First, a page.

Food Retailers Advised To Hang On To Sustainability During Hard Times
While some companies might be tempted to ease up on their sustainability efforts in less than favorable economic times, other companies are doing more and counting their ROIs, The Retail Bulletin reports.
Speaking at the IGD Global Retailing conference recently IGD chief executive Joanne Denney-Finch, said:
“Sustainability is about making your business future-proof. There is a massive transformation taking place and we urgently need to use the world’s scarce resources carefully.”
Denney-Finch notes that, while it is not always easy for retailers to maintain an active social responsibility policy, particularly in a downturn, larger retailers are asking their partners to do more. Wal-Mart, for example, is asking its 65,000 suppliers to reduce their GHG emissions.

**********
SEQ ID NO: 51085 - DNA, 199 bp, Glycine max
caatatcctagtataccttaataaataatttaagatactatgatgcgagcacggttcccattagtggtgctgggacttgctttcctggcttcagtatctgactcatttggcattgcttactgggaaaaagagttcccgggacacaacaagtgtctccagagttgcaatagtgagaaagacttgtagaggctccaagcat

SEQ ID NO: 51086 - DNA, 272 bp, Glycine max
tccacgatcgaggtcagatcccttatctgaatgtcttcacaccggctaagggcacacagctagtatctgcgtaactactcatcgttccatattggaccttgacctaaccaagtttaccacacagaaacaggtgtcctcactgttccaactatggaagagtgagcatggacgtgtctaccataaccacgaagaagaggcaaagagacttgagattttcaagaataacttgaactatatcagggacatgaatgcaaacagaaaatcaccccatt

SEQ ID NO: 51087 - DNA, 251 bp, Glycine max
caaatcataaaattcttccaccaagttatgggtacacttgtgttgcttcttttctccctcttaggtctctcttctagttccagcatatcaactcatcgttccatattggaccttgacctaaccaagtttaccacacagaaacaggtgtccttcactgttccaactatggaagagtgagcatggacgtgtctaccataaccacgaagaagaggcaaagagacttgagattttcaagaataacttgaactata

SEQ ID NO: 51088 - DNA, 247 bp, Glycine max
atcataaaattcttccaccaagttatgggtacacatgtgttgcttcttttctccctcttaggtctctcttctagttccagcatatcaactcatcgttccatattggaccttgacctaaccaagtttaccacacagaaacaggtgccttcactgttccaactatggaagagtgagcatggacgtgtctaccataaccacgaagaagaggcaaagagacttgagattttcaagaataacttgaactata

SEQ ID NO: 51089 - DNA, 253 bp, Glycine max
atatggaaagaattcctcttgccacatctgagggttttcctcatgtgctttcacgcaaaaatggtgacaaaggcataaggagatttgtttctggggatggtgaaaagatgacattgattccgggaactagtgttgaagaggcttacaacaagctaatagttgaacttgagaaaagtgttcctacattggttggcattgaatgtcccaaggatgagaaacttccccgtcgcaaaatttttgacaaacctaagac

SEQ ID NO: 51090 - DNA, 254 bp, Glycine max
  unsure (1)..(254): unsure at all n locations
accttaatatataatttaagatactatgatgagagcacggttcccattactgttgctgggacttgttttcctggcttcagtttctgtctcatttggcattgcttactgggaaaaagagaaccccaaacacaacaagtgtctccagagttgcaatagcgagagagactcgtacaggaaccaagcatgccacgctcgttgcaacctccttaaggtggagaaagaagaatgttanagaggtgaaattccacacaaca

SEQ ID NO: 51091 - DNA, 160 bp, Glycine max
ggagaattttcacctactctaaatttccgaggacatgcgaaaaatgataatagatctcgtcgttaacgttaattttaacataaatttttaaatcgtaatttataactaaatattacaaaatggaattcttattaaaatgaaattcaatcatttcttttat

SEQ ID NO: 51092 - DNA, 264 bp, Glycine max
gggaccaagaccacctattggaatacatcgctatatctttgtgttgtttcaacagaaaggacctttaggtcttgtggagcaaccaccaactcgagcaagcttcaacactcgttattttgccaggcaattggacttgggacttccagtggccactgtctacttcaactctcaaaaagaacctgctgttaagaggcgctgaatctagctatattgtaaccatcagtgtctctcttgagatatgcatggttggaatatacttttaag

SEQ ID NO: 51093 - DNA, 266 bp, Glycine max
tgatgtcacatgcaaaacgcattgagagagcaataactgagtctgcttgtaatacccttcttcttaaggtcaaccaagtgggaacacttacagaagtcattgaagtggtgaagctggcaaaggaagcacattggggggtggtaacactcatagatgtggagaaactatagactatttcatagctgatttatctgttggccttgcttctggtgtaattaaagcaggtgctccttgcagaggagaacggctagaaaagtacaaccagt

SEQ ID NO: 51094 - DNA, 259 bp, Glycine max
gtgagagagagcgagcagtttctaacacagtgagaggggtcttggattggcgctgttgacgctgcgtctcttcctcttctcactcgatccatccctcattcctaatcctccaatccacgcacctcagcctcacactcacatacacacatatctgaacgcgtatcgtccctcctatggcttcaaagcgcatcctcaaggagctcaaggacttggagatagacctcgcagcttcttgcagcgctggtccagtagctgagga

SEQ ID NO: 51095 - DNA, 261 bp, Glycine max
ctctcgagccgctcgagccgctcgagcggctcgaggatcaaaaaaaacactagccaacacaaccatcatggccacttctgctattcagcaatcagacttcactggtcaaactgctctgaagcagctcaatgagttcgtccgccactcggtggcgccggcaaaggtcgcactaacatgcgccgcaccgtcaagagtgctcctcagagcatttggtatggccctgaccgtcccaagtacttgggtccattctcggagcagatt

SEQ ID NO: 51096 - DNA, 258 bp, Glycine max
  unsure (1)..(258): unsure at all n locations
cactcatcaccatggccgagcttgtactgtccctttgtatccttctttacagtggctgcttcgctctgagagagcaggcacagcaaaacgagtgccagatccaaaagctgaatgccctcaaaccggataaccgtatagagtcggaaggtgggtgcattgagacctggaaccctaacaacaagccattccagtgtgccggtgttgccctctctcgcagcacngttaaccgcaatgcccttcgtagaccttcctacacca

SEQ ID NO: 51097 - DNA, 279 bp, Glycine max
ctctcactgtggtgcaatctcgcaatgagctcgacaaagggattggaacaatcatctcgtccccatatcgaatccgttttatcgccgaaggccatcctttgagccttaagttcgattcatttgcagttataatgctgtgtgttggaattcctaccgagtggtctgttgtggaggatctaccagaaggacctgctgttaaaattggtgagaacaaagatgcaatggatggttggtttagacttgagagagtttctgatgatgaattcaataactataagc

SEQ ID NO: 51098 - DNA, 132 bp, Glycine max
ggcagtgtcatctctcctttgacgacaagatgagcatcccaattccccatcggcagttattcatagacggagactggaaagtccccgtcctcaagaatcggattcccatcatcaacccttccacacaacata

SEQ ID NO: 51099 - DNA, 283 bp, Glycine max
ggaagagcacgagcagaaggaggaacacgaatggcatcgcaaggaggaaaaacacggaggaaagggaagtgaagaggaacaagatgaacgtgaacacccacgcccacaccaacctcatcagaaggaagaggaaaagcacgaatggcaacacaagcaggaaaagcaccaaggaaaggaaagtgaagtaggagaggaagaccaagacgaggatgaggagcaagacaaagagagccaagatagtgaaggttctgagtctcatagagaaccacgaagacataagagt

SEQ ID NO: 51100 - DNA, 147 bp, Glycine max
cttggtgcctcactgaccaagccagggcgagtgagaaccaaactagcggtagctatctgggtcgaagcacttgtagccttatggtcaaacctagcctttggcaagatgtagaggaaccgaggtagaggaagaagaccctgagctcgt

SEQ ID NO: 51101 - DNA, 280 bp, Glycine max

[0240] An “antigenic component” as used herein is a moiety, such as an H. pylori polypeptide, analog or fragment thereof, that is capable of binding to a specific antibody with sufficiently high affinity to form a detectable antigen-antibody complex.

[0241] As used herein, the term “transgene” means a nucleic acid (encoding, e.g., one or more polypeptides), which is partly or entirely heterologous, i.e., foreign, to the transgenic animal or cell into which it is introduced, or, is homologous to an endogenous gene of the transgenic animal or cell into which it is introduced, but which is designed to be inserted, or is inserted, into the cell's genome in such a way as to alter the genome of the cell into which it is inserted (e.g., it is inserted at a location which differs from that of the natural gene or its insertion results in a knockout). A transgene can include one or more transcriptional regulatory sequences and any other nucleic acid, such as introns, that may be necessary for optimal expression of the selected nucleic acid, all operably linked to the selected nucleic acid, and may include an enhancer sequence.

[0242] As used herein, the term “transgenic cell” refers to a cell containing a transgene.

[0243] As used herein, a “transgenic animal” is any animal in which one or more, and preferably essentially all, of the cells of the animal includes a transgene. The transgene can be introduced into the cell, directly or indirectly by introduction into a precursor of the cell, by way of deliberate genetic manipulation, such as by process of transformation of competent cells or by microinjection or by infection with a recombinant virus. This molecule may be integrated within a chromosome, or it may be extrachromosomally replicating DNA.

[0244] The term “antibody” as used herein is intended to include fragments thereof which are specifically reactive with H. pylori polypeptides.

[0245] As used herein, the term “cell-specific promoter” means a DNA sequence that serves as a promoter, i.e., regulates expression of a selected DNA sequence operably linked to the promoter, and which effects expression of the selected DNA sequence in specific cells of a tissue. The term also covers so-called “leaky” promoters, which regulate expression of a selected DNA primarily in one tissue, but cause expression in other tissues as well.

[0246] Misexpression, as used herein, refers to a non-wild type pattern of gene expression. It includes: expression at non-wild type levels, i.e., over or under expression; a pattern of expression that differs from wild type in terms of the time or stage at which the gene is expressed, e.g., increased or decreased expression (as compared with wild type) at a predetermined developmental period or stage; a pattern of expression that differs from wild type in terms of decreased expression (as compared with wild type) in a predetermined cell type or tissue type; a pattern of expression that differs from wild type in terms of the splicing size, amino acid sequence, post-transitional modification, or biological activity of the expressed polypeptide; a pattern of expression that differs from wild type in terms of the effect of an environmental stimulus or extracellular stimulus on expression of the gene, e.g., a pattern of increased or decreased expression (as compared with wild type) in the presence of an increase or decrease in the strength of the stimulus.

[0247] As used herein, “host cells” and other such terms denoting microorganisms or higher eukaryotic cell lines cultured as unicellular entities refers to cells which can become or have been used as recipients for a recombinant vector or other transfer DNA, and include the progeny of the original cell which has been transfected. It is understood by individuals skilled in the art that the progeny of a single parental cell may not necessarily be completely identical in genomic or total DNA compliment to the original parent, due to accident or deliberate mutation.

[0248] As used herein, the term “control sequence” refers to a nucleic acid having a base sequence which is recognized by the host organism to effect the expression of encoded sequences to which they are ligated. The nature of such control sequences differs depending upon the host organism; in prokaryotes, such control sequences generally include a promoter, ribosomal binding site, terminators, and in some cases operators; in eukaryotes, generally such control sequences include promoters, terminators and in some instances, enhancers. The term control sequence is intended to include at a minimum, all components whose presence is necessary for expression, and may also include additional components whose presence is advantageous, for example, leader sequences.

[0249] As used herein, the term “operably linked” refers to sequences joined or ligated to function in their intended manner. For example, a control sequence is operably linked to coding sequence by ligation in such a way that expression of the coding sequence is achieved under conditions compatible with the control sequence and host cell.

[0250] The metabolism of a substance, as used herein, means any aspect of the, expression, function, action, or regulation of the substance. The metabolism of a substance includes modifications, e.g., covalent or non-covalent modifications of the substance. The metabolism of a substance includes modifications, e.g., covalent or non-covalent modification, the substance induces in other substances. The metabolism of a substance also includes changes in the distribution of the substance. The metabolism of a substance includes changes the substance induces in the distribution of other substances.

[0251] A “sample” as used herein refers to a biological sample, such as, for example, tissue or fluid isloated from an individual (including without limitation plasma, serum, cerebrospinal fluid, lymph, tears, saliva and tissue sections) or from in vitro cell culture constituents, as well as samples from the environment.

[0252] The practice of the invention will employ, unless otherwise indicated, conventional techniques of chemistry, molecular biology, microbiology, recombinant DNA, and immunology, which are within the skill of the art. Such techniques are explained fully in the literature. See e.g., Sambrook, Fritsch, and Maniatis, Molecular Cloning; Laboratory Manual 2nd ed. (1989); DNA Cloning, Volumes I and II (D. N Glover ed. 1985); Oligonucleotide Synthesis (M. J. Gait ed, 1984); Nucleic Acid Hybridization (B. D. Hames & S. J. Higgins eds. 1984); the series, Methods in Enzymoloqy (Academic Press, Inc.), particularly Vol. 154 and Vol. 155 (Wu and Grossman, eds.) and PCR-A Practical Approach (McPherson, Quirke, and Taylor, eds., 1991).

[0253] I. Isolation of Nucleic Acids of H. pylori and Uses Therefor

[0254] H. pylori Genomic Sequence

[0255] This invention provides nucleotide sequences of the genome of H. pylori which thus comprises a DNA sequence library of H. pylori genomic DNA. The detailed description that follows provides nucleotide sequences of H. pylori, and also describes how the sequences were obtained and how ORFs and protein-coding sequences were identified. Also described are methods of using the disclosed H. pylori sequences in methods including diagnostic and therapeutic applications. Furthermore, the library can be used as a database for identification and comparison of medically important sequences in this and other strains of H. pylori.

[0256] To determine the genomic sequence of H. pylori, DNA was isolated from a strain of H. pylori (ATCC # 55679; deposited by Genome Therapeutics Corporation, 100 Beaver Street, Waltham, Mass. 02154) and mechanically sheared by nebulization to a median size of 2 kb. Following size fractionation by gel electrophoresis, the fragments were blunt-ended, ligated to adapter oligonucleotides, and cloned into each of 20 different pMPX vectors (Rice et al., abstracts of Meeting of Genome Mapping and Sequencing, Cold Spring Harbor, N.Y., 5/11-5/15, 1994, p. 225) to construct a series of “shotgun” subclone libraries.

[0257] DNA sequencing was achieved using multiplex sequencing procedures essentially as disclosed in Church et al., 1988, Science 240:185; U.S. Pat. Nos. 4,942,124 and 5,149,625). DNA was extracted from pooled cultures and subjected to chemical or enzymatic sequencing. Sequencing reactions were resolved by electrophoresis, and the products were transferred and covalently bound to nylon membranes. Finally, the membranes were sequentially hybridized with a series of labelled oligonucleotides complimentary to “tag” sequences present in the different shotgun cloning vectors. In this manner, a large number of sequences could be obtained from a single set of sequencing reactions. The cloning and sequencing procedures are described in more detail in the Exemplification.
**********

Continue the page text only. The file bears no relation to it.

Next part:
The food and grocery industry expert says food retailers run the risk of falling behind if their missions to build ethical businesses are put on the back burner for any reason.
A panel of agriculture marketing experts at Cabrillo College recently encouraged farmers in the race toward sustainability to focus more on communicating the story of sustainable agriculture, if they want consumers to compensate them for their conservation efforts.
Wal-Mart has reported an adoption rate increase of 66 percent from last year in its sustainability Live Better Index, which it says serves as a nationwide trend indicator of consumer demand for green products.
Stay Up-to-Date On Environmental Management, Energy & Sustainability News with EL's Free Daily Newsletter
Energy Manager News
- Passive-House High-Rise to be Airtight
- Greensmith Offers ‘Second Opinion’ on Energy Storage Systems
- Commercial Tankless Water Heater Handles the Demands of Business
- Booz Allen, Siemens, Power Analytics Score 16 Microgrid Projects
- NH City to Save $500,000 Annually with LED Streetlights
- Australian College Uses Energy Storage
- LED Boosts Light Output 50%, Uses Existing Drivers
- Energesco Wins Energy Efficiency Contracts for Multifamily Buildings in Maryland